Futures Movers: U.S. oil prices drop 3%, pressured by China demand uncertainty, rise in domestic product stocks


Oil prices moved lower on Wednesday, giving up modest early gains, despite U.S. government data showing domestic supplies of crude oil fell by more than 5 million barrels last week, down a fourth week in row, though gasoline and distillate inventories each saw a sharp climb.

Worries that more interest rate rises by the Federal Reserve may cause a recession rippled across markets in recent days, pulling oil prices down for three sessions in a row, despite concerns about the impact of the Group of Seven price cap on Russian oil imposed on Monday.

Price action

West Texas Intermediate crude for January delivery



fell 25 cents, or 0.3%, to trade at $74 a barrel on the New York Mercantile Exchange. On Tuesday, it marked the lowest finish for a front-month contract since Dec. 23, 2021, according to Dow Jones Market Data.

February Brent crude

the global benchmark, lost 15 cents, or 0.2%, to $79.20 a barrel on ICE Futures Europe. It ended Tuesday at the lowest since Jan. 3.

Back on Nymex, January gasoline

fell 0.8% to $2.1329 a gallon, while January heating oil

traded at $2.8732 a gallon, down 1.5%.

January natural gas traded at $5.522 per million British thermal units, up 1%.

Supply data

The Energy Information Administration on Wednesday reported a fourth-consecutive weekly decline in U.S. crude inventories, but stocks of both gasoline and distillates climbed.

“If crude stocks can continue to fall, it would likely challenge the generally bearish trend that has defined [oil] prices for the past month,” said Robbie Fraser, manager, Global Research & Analytics at Schneider Electric.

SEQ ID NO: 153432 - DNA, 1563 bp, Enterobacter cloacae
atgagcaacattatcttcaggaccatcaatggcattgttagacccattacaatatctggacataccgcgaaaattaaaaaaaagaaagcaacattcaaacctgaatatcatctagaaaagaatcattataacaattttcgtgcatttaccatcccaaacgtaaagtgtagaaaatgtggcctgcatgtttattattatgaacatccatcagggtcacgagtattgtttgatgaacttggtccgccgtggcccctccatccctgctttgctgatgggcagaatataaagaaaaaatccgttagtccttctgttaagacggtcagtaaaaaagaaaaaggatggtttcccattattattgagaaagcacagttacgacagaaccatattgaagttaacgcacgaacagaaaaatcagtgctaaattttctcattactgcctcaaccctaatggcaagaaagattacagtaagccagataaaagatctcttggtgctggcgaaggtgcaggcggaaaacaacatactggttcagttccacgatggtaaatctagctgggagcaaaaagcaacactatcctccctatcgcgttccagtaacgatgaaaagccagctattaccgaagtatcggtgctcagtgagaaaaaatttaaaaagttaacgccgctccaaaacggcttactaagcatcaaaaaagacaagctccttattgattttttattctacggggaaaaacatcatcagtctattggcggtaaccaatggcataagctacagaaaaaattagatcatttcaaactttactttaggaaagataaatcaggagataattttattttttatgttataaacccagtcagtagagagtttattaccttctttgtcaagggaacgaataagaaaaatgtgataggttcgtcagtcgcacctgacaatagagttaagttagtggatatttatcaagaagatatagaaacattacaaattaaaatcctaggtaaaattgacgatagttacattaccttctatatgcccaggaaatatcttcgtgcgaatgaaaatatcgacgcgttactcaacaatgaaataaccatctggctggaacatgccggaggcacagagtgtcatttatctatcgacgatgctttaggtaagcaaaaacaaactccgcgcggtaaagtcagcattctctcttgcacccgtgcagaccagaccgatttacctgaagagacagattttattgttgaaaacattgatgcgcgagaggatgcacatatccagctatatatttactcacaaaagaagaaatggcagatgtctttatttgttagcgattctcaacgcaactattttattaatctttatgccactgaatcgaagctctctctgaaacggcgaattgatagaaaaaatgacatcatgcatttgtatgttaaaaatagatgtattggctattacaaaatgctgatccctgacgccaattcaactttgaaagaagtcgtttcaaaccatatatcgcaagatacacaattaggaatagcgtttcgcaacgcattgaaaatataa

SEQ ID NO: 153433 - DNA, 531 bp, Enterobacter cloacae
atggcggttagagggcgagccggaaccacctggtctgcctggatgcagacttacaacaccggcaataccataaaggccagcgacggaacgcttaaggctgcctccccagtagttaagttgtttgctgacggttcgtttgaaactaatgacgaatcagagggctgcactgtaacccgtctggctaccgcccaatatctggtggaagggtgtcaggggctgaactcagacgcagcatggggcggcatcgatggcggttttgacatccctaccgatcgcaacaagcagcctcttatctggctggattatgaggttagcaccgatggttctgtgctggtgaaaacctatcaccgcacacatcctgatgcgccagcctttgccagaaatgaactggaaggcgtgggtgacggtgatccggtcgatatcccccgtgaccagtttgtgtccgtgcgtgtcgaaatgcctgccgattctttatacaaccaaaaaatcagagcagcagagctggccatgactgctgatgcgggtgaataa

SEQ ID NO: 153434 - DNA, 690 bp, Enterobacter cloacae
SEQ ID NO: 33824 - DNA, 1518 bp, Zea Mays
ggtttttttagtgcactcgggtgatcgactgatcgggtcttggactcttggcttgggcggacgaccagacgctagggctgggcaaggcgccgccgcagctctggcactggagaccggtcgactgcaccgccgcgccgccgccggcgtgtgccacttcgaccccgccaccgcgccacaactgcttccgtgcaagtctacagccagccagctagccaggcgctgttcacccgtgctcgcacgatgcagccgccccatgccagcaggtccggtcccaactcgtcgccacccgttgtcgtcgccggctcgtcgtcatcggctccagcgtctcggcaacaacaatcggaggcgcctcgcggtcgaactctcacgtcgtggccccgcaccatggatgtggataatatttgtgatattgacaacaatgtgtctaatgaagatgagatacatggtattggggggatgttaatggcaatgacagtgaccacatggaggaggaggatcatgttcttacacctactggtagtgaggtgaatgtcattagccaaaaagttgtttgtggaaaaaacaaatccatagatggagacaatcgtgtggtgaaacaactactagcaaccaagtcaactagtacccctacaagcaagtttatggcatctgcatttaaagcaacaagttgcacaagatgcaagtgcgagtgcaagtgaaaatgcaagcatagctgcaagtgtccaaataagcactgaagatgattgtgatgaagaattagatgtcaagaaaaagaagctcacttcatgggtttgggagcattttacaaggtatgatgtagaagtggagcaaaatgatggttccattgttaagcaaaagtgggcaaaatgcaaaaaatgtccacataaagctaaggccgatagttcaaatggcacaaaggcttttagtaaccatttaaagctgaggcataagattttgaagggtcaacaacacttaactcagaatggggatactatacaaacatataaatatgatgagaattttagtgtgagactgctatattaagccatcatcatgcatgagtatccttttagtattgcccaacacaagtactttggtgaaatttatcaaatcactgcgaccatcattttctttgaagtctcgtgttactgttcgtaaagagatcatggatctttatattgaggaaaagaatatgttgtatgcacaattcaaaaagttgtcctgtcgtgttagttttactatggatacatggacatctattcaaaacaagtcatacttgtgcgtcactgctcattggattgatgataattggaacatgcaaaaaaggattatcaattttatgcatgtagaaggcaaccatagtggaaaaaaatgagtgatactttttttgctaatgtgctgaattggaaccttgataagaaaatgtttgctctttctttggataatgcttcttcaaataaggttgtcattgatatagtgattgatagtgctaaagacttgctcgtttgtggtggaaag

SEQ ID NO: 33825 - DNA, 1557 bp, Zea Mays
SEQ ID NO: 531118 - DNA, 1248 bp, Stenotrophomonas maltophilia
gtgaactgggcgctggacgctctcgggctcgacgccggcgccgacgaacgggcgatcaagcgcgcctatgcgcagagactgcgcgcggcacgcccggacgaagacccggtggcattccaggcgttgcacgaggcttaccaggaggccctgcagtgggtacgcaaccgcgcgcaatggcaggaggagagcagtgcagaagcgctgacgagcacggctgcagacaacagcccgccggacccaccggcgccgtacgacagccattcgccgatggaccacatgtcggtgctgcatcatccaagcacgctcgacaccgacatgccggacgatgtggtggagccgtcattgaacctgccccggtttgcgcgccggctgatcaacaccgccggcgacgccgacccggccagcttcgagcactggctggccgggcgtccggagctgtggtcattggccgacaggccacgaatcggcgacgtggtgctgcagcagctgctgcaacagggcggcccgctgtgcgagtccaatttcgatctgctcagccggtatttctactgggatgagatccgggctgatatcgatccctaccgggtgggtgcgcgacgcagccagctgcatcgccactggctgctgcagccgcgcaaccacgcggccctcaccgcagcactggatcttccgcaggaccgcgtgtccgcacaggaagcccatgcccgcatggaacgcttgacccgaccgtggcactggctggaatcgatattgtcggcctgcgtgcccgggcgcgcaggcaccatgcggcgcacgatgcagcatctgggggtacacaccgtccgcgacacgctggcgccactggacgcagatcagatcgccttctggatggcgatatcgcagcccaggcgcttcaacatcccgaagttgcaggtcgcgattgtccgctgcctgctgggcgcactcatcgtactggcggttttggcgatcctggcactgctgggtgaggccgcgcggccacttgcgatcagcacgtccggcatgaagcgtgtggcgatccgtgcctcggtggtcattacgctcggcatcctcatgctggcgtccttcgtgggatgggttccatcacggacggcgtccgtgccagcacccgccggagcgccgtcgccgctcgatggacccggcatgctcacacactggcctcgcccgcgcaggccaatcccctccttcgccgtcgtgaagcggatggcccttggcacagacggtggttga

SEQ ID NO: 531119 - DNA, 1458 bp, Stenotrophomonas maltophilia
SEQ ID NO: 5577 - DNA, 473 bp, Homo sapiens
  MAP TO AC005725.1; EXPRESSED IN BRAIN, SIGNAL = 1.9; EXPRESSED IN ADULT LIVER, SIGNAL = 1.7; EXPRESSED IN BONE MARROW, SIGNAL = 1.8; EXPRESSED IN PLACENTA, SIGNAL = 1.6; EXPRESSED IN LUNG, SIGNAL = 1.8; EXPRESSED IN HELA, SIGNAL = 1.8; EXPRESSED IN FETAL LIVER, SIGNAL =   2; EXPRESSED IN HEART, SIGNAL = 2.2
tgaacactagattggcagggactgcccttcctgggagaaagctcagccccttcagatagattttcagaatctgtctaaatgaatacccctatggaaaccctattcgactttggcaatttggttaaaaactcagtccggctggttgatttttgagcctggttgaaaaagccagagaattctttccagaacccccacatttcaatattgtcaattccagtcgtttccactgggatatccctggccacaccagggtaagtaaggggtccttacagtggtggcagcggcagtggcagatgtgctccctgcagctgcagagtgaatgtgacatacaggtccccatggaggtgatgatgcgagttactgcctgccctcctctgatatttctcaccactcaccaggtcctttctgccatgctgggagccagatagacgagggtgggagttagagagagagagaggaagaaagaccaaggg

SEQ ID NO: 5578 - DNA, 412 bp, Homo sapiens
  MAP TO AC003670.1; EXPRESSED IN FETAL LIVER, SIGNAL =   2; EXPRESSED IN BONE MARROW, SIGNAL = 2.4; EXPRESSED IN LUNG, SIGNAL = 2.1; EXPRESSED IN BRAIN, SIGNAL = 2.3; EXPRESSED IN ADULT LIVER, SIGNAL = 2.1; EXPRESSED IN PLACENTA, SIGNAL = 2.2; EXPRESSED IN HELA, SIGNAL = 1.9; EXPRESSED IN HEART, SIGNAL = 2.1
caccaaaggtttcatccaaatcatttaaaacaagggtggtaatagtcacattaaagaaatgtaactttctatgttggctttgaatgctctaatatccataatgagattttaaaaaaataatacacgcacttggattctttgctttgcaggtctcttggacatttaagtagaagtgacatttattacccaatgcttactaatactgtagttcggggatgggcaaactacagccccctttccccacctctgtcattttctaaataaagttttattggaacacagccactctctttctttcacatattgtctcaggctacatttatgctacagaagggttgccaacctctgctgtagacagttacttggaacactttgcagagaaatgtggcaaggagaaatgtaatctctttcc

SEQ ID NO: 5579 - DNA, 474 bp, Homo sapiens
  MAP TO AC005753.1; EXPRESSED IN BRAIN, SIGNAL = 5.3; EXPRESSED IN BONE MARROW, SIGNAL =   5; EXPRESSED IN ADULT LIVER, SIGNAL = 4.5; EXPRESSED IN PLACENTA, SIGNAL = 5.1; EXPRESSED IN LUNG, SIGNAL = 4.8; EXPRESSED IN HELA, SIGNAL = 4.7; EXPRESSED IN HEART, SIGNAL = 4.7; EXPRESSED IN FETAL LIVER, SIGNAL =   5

Domestic commercial crude stocks fell by 5.2 million barrels for the week ended Dec. 2, the EIA said.

On average, analysts forecasted a decline of 2.6 million barrels, according to a poll conducted by S&P Global Commodity Insights. The American Petroleum Institute, a trade group, reported late Tuesday that crude supplies fell by 6.4 million barrels last week, Dow Jones reported, citing a source.

“Ongoing strength in refining activity and exports have encouraged another draw” for crude supplies, said Matt Smith, lead oil analyst, Americas, at Kpler, in reaction to the supply data.

As U.S. Strategic Petroleum Reserve transfers slow, U.S. commercial inventories are now lower year-to-date, “set for further downside in the weeks ahead,” he said.

The EIA, however, showed weekly inventory gains of 5.3 million barrels for gasoline and 6.2 million barrels for distillates. The S&P Global Commodity Insights survey had called for increases of 2.9 million barrels for gasoline and 1.9 million barrels for distillates.

Crude stocks at the Cushing, Okla., Nymex delivery hub declined by 400,000 barrels for the week, the EIA said, while stocks in the SPR fell by 2.1 million barrels.

Other market drivers

China has announced measures to roll back some of its COVID-19 restrictions. Those include limiting harsh lockdowns and ordering schools without known infections to resume regular classes, the Associated Press reported Wednesday.

“Traders have been looking for more positive news when it comes to China’s zero-tolerance COVID policies,” said Naeem Aslam, chief market analyst at AvaTrade, in a market update.

And now “we have heard from the officials about a further easing of those measures,” providing support to investor sentiment in Asia — with the “spillover of this sentiment” likely impacting Europe and the U.S. given that China is the second biggest economy in the world, he said.

But Stephen Innes, managing partner at SPI Asset Management, warned that “China’s COVID tsunami is coming as the world’s most populous nation is being forced onto a zero-COVID off-ramp,” after a “way too early China reopening” supported some markets. “It will be a tale of two haves in China, where winter oil prices and COVID mobility woes give way to hope springs eternal in Q2.”

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